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Ponds are an easy addition to gardens. They can be as little as a few gallons or scaled up to be huge features. They can be installed quickly, often using repurposed materials (like old billboard vinyl), and they can be maintained with solar pumps that will keep the water circulating. Some people even take advantage of the water flow and create trickling waterfalls and/or babbling brooks in their backyards, while others are quite happy with small, unassuming ponds tucked away in the plant foliage.

On permaculture plots, it is generally recommended that ponds take up about fifteen percent of the landscape. While permaculturists certainly enjoy the beauty as much as the next gardener, usually there is a method behind their madness. Devoting so much landscape to water has to be useful, or they would not do it. What permaculturists try to do is stack functions (useful contributions) in each garden element they choose.  This is why ponds are such a popular feature; they are extremely beneficial.

Ponds Attract Wildlife

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JD Baskin / Flickr


Wild animals have to find their own water sources. When we litter the landscape with ponds, they take notice. Some animals — birds, bees, dragonflies — will come just for a drink, while others — newts, frogs, crustaceans — might make it a home.

The wildlife is a pleasure to have around just for the visual stimulation, but they also serve great purpose in the garden. Beneficial insects, like bees and butterflies, will pollinate the garden, and other animals — birds, toads, etc. — will help to control pest populations. In the end, inviting this type of biodiversity into the garden creates a cool little ecosystem.

Ponds Support Aquaculture

One of the great misconceptions about putting a pond in the garden is that it will use up valuable space. To the contrary, bodies of water are potentially much more productive places than land. We just have to take advantage of the fact that they are there.

Lots of plants, edible and otherwise, thrive in wet conditions. Wild rice, watercress, water chestnut, taro, lotus, and kangkong (the fastest growing vegetable) like a wet environment. Plus, there are many other thirsty plants that thrive along the edges of ponds by taking advantage of overflow. We can grow plenty of plants in and around our ponds.

Ponds Reflect Sunlight

When we stop to think a little a bit about potential functions in our garden, we realize that different elements sometimes do things we never considered. Water is reflective, so when sunlight shimmers down on it, that light spreads around. When we are growing plants that dig the sunshine, this could be a useful thing.

Whether we are simply watching the light dance around atop the pond surface (a pleasurable thing in itself) or working to get more out of the light, ponds that get sunshine can provide additional value. They could help plants get a little extra photosynthesizing done, or they could be used to bounce a little extra sunshine into a window for natural lighting.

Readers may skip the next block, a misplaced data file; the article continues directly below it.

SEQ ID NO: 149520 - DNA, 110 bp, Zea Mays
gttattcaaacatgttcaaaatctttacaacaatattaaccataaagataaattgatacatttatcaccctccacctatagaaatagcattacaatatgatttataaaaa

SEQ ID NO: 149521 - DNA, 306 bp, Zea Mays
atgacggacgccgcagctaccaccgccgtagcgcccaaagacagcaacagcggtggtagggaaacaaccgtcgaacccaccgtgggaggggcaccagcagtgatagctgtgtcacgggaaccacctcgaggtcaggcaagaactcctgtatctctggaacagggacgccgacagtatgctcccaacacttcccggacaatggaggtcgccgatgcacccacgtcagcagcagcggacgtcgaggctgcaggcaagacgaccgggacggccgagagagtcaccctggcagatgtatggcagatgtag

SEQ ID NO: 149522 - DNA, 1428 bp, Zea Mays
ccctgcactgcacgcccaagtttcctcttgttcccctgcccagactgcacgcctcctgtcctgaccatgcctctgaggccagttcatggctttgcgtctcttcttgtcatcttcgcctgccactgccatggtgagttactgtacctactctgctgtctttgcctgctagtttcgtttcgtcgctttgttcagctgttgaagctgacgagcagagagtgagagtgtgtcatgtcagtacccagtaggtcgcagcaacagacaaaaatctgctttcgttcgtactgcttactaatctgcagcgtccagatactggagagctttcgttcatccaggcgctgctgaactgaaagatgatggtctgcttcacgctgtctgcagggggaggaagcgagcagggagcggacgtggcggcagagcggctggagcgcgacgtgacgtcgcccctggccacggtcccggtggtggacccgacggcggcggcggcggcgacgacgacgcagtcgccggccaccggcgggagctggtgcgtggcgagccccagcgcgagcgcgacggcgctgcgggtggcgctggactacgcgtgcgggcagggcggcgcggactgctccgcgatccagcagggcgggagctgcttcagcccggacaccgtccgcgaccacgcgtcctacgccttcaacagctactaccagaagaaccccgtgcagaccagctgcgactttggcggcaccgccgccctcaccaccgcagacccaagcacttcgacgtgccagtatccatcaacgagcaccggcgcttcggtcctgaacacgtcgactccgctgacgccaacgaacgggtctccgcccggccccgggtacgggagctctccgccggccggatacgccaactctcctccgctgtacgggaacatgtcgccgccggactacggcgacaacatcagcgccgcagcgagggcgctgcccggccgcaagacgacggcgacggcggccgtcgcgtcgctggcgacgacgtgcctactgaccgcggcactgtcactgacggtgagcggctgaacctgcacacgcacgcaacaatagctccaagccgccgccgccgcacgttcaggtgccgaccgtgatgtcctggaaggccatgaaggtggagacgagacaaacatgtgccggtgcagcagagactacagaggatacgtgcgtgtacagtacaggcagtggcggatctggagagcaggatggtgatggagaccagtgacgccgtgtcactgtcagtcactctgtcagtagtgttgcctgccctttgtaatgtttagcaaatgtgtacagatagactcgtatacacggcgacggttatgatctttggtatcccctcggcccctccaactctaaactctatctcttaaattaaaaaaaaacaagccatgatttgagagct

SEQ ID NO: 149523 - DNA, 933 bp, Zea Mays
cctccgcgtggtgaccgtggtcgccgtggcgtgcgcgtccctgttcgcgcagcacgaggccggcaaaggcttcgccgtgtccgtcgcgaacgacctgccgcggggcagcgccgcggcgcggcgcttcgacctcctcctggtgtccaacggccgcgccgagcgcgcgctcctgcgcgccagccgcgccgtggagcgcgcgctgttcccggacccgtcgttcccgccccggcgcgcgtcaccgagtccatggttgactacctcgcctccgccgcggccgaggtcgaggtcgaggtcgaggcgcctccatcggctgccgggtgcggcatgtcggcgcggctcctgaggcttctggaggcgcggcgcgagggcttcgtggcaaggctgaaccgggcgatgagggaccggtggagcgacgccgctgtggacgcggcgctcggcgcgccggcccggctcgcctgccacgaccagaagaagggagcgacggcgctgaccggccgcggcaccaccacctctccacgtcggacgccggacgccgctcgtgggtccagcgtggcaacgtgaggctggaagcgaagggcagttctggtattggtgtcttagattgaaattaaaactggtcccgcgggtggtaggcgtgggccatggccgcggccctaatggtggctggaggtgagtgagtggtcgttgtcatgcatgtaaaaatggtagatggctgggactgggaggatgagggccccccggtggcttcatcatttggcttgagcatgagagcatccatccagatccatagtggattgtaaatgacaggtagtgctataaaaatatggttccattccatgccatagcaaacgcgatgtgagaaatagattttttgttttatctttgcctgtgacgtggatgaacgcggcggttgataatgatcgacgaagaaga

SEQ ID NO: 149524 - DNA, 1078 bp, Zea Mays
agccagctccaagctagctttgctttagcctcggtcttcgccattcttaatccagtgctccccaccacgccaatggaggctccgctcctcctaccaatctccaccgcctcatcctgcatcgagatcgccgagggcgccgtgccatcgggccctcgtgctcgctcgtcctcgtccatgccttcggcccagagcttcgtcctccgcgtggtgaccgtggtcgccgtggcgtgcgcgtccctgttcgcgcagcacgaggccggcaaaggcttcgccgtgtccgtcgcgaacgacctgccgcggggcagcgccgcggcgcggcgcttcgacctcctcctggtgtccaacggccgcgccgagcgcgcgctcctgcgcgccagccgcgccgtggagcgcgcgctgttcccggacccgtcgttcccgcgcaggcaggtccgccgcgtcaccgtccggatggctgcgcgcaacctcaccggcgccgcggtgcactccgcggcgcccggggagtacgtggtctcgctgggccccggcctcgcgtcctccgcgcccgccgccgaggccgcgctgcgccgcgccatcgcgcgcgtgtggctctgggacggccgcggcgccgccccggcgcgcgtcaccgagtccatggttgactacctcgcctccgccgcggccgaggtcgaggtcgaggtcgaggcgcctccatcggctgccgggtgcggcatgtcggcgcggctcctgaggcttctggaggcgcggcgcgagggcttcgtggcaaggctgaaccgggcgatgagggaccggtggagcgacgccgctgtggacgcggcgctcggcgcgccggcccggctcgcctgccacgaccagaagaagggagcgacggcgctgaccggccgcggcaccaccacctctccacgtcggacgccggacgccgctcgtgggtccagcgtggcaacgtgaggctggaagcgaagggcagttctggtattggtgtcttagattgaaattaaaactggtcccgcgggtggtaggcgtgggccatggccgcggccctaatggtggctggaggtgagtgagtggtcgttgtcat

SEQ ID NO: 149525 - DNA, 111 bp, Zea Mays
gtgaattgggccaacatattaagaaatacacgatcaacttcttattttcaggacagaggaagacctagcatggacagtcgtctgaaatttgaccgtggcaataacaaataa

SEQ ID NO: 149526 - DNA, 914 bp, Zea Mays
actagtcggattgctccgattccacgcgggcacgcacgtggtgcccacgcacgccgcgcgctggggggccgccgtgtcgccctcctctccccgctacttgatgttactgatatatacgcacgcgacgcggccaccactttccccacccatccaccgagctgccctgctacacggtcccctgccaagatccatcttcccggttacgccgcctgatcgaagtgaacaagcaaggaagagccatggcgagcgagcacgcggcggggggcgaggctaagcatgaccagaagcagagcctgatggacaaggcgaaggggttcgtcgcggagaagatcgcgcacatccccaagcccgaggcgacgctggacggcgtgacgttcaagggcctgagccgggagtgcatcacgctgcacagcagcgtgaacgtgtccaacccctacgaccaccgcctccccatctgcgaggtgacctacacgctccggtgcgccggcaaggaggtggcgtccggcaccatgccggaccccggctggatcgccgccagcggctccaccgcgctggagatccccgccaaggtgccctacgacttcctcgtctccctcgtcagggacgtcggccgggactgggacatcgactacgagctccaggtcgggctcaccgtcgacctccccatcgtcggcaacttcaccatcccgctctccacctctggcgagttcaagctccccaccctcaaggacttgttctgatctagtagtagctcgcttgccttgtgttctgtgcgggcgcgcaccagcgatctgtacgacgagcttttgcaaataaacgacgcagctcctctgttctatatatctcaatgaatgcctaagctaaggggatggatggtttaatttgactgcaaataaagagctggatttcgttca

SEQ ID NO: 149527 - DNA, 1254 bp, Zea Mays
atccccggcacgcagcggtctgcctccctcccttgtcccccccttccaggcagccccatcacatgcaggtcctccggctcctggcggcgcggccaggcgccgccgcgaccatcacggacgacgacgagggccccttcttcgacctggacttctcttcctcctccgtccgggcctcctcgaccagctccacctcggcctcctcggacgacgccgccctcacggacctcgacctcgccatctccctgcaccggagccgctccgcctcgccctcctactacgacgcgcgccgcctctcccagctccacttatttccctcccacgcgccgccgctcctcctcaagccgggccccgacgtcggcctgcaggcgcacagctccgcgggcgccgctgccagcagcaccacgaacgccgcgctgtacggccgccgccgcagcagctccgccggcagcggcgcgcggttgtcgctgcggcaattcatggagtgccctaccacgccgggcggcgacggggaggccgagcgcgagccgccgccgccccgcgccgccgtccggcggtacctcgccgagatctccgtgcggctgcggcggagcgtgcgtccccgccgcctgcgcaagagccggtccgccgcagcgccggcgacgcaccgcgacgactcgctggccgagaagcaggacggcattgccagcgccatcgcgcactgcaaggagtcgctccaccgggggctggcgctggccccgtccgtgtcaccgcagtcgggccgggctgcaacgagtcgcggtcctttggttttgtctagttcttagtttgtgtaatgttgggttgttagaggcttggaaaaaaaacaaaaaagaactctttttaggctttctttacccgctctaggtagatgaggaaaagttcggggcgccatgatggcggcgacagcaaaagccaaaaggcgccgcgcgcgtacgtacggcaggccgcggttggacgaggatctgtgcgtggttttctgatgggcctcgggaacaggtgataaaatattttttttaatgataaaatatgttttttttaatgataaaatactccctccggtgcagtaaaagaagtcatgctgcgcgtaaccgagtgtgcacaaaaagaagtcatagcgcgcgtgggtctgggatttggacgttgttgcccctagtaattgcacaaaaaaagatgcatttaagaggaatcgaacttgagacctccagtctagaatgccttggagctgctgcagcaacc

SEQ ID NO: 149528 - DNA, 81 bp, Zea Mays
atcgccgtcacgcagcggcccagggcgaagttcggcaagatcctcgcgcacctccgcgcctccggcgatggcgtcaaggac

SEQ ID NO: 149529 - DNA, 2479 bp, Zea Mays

Ponds Moderate Temperatures

While most of us think of outdoor water as something cold, something that requires dipping a toe in before entering, in the grander scheme of things, water moderates temperature.  While air can change temperatures much more rapidly, water is a thermal mass and adjusts slowly, which is why it can be freezing outside but ponds are not iced over.

In our gardens, this can have a somewhat profound effect in that it can extend growing seasons. Plants around the pond will benefit from the fact that it is radiating warmth, especially at night. The sun heats it up in the day, and at night, it is slower to get cold. A pond in a glasshouse can be very useful in this respect.

Ponds Store Water

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Stanze / Flickr

For permaculturists, water is a crucial component to all we do. Life of all sorts needs water to survive, and with our water sources becoming more and more questionable and droughts more common, it only makes sense to move towards supplying some of our own water. This might not be drinking water, but it can be used for irrigation in the garden.

If possible, ponds can be positioned on higher parts of a property so that they can gravity-feed water down to parched gardens. Ponds can also be used to catch the overflow from rain-harvesting barrels, and the ponds themselves can feed swales that soak water into the landscape to feed trees. The more we can play with providing our own water, especially rain, the better off the garden will be.

Of course, for most folks, none of these ideas necessarily factor into putting a pond out in the garden. The simple truth of it is that water features are beautiful. They are great to look at, soothing to listen to, and, with the right plants, even pleasant to smell. Without a doubt, the sheer pleasure of being around water is yet another reason to install a pond.

Lead Image Source: Heather Katsoulis / Flickr